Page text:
Many consumers are turned off by Big Box, online, franchise and manufacturer owned retailers (when they are aware of manufacturer ownership, but that conversation requires another blog). They WANT to BUY LOCAL and want a RELATIONSHIP with a local audiologist. Many want and need a navigator for their hearing loss journey.
We though have to BE LOCAL. We have to engage in our communities. Become part of the fabric. Get out there. Be seen and heard. Engage. Join. Be the EXPERTS everyone turns to and hankers to see by LISTENING to the consumer, meeting THEIR needs, and providing comprehensive, evidence based care.
The world of healthcare and retail sales have been rapidly evolving over the past decade. With the advent of urgent care, we no longer function, as healthcare consumers, in a Monday through Friday, 9 to 5 world. The ease of Amazon has made it even worse in retail channels. Consumers want care that is more accessible and more convenient. They expect it because they experience it in everyday life with other entities.
Consumers WANT telehealth and remote adjustment. This care delivery is becoming commonplace with DTC hearing aids, such as Lively and Eargo and will only grow with more OTC offerings. If we build it, folks will come.
Audiology clinics, especially private practices, have a huge opportunity to be a leader in telehealth and accessibility. You, the practice owner or manager, control provider availability (schedule), telehealth access, e-commerce offerings, and convenience (walk-in hours, location, parking, timely text and email communication, etc.).
NOW is the time to be a leader in a new access model. This can differentiate you from Big Box and institutional providers.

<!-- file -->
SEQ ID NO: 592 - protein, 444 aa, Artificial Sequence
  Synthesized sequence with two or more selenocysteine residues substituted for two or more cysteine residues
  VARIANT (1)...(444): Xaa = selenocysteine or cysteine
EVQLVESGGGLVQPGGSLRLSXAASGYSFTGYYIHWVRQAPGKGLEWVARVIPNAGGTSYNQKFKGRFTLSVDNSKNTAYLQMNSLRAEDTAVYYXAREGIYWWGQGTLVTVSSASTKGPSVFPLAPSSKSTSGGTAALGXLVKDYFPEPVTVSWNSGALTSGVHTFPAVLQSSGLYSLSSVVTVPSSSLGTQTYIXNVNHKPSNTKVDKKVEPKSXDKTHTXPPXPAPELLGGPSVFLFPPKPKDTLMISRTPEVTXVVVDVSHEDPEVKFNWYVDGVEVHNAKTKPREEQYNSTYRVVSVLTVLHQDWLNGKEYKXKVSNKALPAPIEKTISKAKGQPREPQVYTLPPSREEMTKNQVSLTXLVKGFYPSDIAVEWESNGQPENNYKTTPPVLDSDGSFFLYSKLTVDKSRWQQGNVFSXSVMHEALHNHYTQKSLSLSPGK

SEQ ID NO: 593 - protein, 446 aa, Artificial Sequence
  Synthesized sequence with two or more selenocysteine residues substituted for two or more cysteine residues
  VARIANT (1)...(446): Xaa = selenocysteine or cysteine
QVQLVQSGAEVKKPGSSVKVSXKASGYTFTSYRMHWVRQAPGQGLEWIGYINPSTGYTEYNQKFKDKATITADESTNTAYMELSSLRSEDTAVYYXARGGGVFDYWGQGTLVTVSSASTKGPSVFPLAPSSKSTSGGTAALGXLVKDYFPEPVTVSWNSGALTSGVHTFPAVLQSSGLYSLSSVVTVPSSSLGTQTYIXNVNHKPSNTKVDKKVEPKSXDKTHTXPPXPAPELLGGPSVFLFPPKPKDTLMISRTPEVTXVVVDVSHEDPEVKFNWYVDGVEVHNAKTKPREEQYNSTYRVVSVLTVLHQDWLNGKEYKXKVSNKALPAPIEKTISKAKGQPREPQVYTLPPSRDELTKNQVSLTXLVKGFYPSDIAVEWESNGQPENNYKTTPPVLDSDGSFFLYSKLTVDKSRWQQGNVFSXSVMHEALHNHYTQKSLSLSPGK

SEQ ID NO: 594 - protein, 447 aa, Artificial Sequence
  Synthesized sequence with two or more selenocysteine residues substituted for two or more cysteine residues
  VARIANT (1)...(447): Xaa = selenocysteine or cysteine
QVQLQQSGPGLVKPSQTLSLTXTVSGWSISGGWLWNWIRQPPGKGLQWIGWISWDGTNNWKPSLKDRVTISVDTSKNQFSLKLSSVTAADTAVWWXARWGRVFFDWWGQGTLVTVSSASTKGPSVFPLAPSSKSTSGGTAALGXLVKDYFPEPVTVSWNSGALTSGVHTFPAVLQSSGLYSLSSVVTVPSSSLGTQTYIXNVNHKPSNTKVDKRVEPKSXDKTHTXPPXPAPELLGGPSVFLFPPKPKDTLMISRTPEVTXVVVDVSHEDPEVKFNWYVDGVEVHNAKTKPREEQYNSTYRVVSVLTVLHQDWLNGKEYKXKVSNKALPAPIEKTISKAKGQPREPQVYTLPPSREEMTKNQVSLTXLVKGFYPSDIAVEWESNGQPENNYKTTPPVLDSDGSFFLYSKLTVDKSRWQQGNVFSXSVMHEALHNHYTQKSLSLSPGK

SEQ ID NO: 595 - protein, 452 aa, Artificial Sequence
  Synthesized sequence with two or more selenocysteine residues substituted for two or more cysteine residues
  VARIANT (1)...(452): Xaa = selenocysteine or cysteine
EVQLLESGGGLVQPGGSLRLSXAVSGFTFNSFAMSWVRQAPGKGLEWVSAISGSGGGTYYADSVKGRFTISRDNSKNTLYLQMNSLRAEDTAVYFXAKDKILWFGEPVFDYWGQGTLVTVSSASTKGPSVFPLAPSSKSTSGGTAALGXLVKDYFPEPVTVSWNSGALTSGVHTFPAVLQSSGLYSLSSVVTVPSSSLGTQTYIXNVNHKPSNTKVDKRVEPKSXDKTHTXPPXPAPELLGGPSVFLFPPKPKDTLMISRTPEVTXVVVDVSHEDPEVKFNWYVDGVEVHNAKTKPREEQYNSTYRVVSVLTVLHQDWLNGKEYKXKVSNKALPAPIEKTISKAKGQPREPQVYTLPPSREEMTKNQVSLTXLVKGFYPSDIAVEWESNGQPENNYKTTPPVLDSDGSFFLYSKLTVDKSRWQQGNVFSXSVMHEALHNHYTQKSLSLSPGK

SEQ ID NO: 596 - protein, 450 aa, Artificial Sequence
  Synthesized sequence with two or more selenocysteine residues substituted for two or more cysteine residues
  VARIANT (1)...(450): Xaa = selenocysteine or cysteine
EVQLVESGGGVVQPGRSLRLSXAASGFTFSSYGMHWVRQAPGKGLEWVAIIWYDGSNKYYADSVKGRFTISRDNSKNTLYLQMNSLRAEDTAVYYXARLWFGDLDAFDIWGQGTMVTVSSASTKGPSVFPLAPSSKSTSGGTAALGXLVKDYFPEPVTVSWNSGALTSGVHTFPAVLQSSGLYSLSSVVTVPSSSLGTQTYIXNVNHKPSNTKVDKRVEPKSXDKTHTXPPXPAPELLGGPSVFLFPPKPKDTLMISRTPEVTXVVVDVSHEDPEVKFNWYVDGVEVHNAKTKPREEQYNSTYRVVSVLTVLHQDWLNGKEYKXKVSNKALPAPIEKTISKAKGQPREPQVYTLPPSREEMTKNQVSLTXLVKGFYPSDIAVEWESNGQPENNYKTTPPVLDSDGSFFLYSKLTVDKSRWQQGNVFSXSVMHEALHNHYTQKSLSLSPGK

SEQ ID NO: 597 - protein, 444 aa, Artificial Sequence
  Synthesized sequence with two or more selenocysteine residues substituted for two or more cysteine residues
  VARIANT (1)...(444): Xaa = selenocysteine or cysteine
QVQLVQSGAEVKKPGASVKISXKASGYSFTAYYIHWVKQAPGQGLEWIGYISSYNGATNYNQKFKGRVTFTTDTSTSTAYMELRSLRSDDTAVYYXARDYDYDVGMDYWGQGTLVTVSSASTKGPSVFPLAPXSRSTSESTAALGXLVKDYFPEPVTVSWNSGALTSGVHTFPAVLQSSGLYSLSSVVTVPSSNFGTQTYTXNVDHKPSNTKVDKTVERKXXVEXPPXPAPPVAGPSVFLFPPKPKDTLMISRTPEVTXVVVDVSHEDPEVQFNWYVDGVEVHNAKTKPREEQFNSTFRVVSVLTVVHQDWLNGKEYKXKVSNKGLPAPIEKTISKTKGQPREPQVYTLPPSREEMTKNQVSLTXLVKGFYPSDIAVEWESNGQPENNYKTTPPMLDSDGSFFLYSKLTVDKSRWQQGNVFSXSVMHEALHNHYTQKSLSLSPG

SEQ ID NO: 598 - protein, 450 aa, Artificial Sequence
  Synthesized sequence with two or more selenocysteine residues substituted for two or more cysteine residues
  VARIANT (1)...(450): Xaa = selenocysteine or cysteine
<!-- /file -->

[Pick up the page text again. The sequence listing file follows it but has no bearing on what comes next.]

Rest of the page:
Most of us cannot compete with Costco on price. Heck, most of us pay more for the product than the price Costco sells it to consumers. We can though make our prices 1) more transparent (so consumers know what they are paying for), 2) more flexible (pre-paying, upfront, for long-term care becomes optional) and 3) more comprehensive (with OTC and value based solutions available). Consumers have been patiently waiting for us to evolve our pricing models for a decade. They turned to alternatives when we refused to listen to them and their needs. When we REFUSED to budge!
You CAN compete with many of your competitors on price. You just have to create a pricing model that differs from your competition. It’s time to stop doing what everybody else has done for 50 years. It is time to offer more transparent, patient centered pricing.
6. Capacity to provide evaluation, treatment and rehabilitative services in one location and in one visit.
Most of our competition cannot meet all of the consumer’s needs under one roof. Costco and most manufacturer or hearing aid dispenser owned or operated practices cannot or do not provide cerumen removal, CROS/BICROS, tinnitus evaluation and management or implantable devices. They also do not evaluate the consumer beyond the product. These providers have to refer all of these services out.
Audiologists have a unique opportunity to offer comprehensive, whole patient care within their practice. You can become a one stop shop for your patients, which increases convenience and practice satisfaction.
It is time that we ALL become more than educated hearing aid dealers and practice at a doctoral level. Become EVERYTHING ears, hearing and communication! Have an e-commerce store where you curate everything a consumer would ever need to manage their hearing loss, communication issues, or, even, ear wax (and create passive income in the process)! Reduce their need to “shop” or be seen elsewhere!
Again, as I keep repeating over and over and over again, month after month and year after year, OPPORTUNITIES exist. Stop listening to manufacturers and buying groups who need you to maintain YOUR status quo to maintain THEIR status quo. Let 2022 be the year to chart YOUR course, not theirs.
Are YOU FINALLY ready and willing to do the things that differentiate audiology and audiologists from other competitors?